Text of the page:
This design and intention to make the film more "user-friendly" leaves director Fed Alvarez and his co-screenwriters Jay Basu and Steven Knight with little room to explore Lisbeth's character or her world beyond what amounts to a rehash of Spectre complete with a stupidly conceived super weapon and an evil shadow intelligence network willing to do anything to get it that is also conveniently a part of our hero's sad and sordid past. Toss in goofy techno-thrills from The Net and you have Spider's Web. Considering Alvarez's track record with dark and grim features such as Don't Breathe and Evil Dead, one would expect some of that natural darkness to seep into the film somewhere - but Spider's Web is pretty tepid material.
If you're fine with the movie just being a pulpy silly spy-thriller with some rough plot contrivances, an over-abundance of convenience buttressed by some great action sequences, then I'll admit that The Girl in the Spider's Web is entertaining. But it's not impressive. This movie could have been anything but a Lisbeth Salander film and been just fine. As it is, it's a tame callback to the 2009 films and a sad reminder that Fincher won't get to finish the great work he started with the 2011 remake.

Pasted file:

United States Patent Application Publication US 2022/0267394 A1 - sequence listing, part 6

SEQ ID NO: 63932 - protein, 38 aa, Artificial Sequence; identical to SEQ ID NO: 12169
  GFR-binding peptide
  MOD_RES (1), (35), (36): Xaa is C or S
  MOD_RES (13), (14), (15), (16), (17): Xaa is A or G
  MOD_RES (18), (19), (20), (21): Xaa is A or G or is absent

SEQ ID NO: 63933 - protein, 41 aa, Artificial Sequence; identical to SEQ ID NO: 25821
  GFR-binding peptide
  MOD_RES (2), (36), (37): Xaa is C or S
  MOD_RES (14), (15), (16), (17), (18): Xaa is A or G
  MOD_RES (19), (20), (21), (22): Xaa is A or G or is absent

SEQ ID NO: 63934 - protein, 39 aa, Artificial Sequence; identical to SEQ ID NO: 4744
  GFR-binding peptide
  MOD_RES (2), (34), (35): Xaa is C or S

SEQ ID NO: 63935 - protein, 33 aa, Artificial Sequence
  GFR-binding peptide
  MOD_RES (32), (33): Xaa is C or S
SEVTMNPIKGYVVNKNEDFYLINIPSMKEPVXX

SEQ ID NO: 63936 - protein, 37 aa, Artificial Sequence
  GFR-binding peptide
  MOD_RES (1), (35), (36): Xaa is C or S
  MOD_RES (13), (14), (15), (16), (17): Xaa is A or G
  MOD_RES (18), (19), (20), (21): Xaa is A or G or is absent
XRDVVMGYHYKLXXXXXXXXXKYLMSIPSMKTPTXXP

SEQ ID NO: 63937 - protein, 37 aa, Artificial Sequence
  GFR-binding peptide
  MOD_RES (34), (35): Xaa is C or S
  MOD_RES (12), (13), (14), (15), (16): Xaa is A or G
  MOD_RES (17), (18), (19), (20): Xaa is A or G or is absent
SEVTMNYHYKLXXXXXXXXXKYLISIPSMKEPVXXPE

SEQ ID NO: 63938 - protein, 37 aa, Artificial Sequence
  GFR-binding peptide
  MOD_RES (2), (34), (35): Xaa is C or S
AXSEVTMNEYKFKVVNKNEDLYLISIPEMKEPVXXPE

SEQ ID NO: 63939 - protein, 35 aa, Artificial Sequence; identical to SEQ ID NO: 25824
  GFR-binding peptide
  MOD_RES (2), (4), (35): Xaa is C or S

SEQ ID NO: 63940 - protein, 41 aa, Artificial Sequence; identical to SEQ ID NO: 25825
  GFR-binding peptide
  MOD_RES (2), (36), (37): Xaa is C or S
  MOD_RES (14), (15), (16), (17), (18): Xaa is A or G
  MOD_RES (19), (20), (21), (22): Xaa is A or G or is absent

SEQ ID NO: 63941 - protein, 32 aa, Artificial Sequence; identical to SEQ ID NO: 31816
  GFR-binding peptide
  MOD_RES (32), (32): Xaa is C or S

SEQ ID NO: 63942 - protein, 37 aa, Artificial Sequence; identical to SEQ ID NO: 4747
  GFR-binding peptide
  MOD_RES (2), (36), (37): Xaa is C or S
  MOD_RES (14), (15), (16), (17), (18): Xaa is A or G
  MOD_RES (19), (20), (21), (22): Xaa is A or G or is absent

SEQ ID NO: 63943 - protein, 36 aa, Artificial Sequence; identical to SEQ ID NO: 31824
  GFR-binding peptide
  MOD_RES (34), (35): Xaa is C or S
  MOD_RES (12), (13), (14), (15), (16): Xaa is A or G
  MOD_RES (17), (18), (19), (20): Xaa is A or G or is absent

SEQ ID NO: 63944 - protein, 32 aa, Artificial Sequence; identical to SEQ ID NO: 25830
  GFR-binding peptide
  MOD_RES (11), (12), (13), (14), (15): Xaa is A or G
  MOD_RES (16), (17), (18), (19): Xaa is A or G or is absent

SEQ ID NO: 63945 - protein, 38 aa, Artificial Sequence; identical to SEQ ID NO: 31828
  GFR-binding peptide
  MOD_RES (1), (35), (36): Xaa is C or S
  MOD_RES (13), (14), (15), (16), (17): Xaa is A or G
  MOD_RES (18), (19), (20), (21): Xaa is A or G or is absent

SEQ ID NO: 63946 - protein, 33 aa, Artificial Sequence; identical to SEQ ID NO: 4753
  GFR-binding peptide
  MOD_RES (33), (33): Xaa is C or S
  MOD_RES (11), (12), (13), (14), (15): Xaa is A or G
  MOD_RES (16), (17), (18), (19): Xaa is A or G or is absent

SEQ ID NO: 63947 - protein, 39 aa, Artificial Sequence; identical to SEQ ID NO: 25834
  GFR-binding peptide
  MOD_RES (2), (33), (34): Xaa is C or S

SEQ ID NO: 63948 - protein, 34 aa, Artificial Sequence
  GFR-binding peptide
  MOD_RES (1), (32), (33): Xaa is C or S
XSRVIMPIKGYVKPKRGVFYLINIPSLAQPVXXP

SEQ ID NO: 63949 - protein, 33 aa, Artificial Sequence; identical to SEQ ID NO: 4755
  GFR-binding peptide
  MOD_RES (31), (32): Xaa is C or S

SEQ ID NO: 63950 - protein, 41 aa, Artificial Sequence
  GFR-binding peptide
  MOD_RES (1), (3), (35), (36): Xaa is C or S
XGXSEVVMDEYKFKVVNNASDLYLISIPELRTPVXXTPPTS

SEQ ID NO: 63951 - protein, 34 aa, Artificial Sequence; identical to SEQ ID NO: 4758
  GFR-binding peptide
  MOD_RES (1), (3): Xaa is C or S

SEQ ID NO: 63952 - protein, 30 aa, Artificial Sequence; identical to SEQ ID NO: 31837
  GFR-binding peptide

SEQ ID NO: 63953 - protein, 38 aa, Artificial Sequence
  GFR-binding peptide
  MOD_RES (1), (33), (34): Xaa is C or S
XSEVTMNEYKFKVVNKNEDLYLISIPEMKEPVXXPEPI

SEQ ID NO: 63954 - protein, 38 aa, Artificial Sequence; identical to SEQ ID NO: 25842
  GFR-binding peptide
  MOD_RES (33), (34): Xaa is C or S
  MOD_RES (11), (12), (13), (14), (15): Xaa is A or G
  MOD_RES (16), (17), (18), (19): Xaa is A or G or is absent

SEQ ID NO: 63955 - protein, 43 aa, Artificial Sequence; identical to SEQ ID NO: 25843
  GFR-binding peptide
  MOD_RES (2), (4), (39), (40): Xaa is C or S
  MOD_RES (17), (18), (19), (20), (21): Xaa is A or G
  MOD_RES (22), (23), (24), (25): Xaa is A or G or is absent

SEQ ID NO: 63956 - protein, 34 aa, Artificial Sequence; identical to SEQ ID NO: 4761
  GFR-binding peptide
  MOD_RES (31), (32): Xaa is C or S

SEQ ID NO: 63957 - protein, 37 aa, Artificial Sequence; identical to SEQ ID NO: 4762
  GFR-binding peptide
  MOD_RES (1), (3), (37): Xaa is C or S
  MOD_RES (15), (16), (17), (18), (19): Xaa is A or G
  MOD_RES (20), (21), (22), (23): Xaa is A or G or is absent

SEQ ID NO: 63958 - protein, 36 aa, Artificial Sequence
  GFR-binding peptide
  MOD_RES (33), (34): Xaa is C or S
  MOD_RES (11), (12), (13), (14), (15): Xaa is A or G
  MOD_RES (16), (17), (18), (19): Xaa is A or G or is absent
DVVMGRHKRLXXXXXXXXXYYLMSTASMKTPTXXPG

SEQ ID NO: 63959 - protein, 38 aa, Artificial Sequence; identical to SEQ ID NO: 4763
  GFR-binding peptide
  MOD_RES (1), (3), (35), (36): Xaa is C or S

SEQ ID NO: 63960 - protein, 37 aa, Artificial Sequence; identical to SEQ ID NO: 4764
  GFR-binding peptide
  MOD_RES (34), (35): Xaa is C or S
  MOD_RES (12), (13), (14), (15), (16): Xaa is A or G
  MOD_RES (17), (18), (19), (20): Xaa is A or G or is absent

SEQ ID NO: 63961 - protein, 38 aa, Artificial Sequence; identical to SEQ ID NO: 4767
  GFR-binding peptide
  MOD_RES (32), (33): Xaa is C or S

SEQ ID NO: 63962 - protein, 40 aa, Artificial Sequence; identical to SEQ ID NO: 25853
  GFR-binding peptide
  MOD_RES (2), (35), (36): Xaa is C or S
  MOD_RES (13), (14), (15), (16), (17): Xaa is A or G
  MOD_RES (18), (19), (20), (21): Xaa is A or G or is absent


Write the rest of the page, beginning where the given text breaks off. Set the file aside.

Vital Disc Stats: The Blu-ray
The Girl in the Spider's Web arrives on Blu-ray courtesy of Sony Pictures in a two-disc Blu-ray + DVD + Digital set. Pressed onto a BD-50 disc, the disc is housed in a standard snapper Blu-ray case with identical slipcover artwork. The disc loads to trailers for other Sony horror/thriller releases and then segues to a bizarre pseudo advertisement encouraging you to keep watching after the movie for bonus features like it was a late-run VHS tape before arriving at a static image main menu with traditional navigation options.
[EDITOR'S NOTE: For those interested, this film IS available in 4K here in the USA via digital platforms like iTunes and Vudu. A 4K Ultra HD Blu-ray will also be available in the UK and possibly other international territories.]
It's unfortunate that The Girl in the Spider's Web isn't making landfall on 4K UHD Blu-ray stateside. Sourced from a 4K Digital Intermediate, this 2.39:1 1080p transfer is a terrific showcase example demo disc that could only potentially be improved by an HDR 4K UHD presentation. Details are exquisite. The art direction for this film is phenomenal with every location steeped in tiny details that ooze foreboding and dread. Facial features, makeup work, locations, and set design all come through with terrific clarity.
In keeping with the series' standards, this is a dark and moody show with a great thematic contrast between light and dark that comes through beautifully. Black levels are deep and inky with plenty of shadows and without any crush issues. Whites are bright and crisp while avoiding blooming. Colors are naturally subdued here favoring darker grays/browns/and olive-toned greens, but primaries do get their day in the sun. Red is an especially important color for one character and comes through beautifully. Without any sign of noise or pesky banding, this is a damn fine Blu-ray presentation.